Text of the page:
Enforcing Court Judgments

Private Parking Appeals and its staff have an impressive record of court successes against parking companies, despite their claims that the Beavis Case makes their charges enforceable and fair.

This is for a number of reasons, but the main reason is that the parking companies do not comply with the law that allows them to transfer liability to the keeper.

There are a number of elements that must apply if Keeper Liability is to be relied upon:

  • The parking company must have proof that they have the right to operate on the land
  • The parking company signage must offer a clear and unambiguous contract
  • Notices must be issued in a specified way that complies with the requirements of the law
  • The Keeper details must have been sought from the DVLA
  • The notices must include required information

If these hurdles are not crossed by the parking company, it cannot claim Keeper Liability.

 

In two recent cases, VCS v Mr F, and UKPC v Dr A, keeper liability was not satisfied, and the judge ordered costs to be paid against both companies.

Unfortunately, as is often that case when parking companies are involved, they are very fast to run to court against those they claim owe THEM money, but very slow to pay their own debts.

VCS part of the Excel group, are famous for denying receipt of court orders, even when they attend court, but on this occasion have sent a cheque for £95 to our client, which has bounced. As a result, enforcement action will be taking place shortly, involving Simon Renshaw-Smith being ordered, under penalty of imprisonment, to attend court to explain why this occurred.

 

UKPC, by comparison, a company which has been suspended from DVLA access on more than one occasion, has been ordered to pay Dr A £455 in total, and hasn’t yet done so, despite the hearing being over a month ago. They also haven’t responded to a GDPR request, or to a Letter of Claim for their breach of the Data Protection Act in seeking keeper details for locations where they have no right to operate.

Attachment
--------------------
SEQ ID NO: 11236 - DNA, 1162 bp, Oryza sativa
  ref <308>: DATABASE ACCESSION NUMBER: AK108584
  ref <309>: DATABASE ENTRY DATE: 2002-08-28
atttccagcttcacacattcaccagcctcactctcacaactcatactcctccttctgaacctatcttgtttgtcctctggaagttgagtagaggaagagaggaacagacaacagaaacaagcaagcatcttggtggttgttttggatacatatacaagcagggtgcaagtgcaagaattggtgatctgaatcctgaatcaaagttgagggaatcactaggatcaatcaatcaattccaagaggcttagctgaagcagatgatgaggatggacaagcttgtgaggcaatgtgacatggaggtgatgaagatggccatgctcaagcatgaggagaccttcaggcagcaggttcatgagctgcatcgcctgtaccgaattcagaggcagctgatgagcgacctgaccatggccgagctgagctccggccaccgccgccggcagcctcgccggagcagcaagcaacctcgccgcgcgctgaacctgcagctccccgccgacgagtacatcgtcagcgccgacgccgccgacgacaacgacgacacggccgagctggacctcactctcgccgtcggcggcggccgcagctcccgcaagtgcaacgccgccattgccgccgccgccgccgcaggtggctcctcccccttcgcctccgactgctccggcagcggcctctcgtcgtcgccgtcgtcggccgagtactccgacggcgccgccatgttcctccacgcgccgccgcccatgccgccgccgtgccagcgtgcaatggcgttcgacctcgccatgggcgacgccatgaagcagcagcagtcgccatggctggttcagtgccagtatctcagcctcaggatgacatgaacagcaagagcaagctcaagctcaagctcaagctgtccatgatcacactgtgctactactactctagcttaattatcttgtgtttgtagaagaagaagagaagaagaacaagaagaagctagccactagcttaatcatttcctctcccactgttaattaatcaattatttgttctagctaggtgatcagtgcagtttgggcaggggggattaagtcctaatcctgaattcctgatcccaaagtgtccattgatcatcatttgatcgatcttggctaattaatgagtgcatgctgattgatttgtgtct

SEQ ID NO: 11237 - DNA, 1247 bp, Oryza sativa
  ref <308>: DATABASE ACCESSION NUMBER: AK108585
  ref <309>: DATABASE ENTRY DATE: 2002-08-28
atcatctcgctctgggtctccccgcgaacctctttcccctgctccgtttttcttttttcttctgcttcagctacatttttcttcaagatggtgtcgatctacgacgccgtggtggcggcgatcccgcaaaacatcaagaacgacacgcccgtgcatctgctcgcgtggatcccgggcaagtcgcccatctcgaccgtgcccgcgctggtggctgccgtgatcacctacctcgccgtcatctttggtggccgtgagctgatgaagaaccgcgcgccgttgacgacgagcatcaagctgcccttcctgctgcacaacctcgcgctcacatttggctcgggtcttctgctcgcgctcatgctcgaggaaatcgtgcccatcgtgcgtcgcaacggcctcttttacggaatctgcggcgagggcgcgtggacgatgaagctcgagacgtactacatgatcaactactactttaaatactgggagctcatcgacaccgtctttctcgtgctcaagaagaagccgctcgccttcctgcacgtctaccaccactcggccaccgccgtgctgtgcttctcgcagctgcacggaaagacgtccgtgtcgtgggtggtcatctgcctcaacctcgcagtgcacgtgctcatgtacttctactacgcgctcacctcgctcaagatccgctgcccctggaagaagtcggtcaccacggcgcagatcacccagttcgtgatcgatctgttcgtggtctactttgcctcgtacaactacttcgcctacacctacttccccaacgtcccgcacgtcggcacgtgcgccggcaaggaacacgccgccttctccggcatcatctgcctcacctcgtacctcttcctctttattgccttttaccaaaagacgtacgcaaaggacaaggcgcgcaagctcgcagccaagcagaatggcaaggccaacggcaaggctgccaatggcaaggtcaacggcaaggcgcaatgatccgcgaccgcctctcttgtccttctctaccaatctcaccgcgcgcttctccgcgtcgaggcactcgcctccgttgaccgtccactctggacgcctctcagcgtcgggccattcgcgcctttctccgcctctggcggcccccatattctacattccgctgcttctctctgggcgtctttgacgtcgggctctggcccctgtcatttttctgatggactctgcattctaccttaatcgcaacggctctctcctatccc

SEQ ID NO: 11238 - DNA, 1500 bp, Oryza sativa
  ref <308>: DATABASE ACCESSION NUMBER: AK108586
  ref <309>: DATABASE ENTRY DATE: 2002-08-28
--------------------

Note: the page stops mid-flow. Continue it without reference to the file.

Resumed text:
UKPC, on their website, says the following about court action:

If you receive a CCJ it can have a major impact on your credit rating and could severely impair your ability to obtain credit. When you contact the bank to apply for a loan or mortgage; for a store or credit card; rent property; lease or hire a vehicle, credit checks may be performed to ensure that you are not a high credit risk. If you have an outstanding or satisfied CCJ on your credit file it is significantly less likely that your application will be successful. Where an individual with a CCJ does manage to obtain credit, they can often end up paying a higher interest rate. Records of CCJs are kept for six years unless they are paid in full within a month of their issue.

Court action is always an option of last resort for UKPC. We always prefer to resolve situations amicably but unfortunately this is not always possible. UKPC feel it is important to make motorists aware of the potential enforcement action that may be taken to recover debts after a court has entered a judgment against an individual. Enforcement can include, but is not limited to:

  • Sending County Court bailiffs to recover goods in the amount of the debt
  • Obtaining an attachment of earnings order, whereby your employer must deduct an amount from your salary to be paid to us until the debt is cleared
  • Obtaining an order for the debtor to attend court and give a detailed statement of means which can include bank details.

UKPC have regrettably had to employ all of these methods previously to recover unpaid debts.

It appears that UKPC are likely to be on the receiving end of at least one of these methods of enforcement in short order, and John Wilkie is certainly looking forward to meeting both Rupert Williams of UKPC and Simon Renshaw-Smith of VCS at the debtor hearings.Of course, if the debtors officers fail to attend, they can be imprisoned for contempt of court.

Do you have a Parking court case? Private Parking Appeals are the unquestioned experts in handling these matters for you, and have a success rate which is second to none.

Don’t hesitate, contact us today.

Court Claim Success

Private Parking Appeals has been involved in court cases against Parking Companies since our first inception in 2014. Indeed, even before we incorporated, our directors were regularly seen in court assisting with parking claims. Alex Shipp, David Carrod and John Wilkie have become well known names in the industry, as well as in the courts with a number of cases having been reported previously by the Parking Prankster.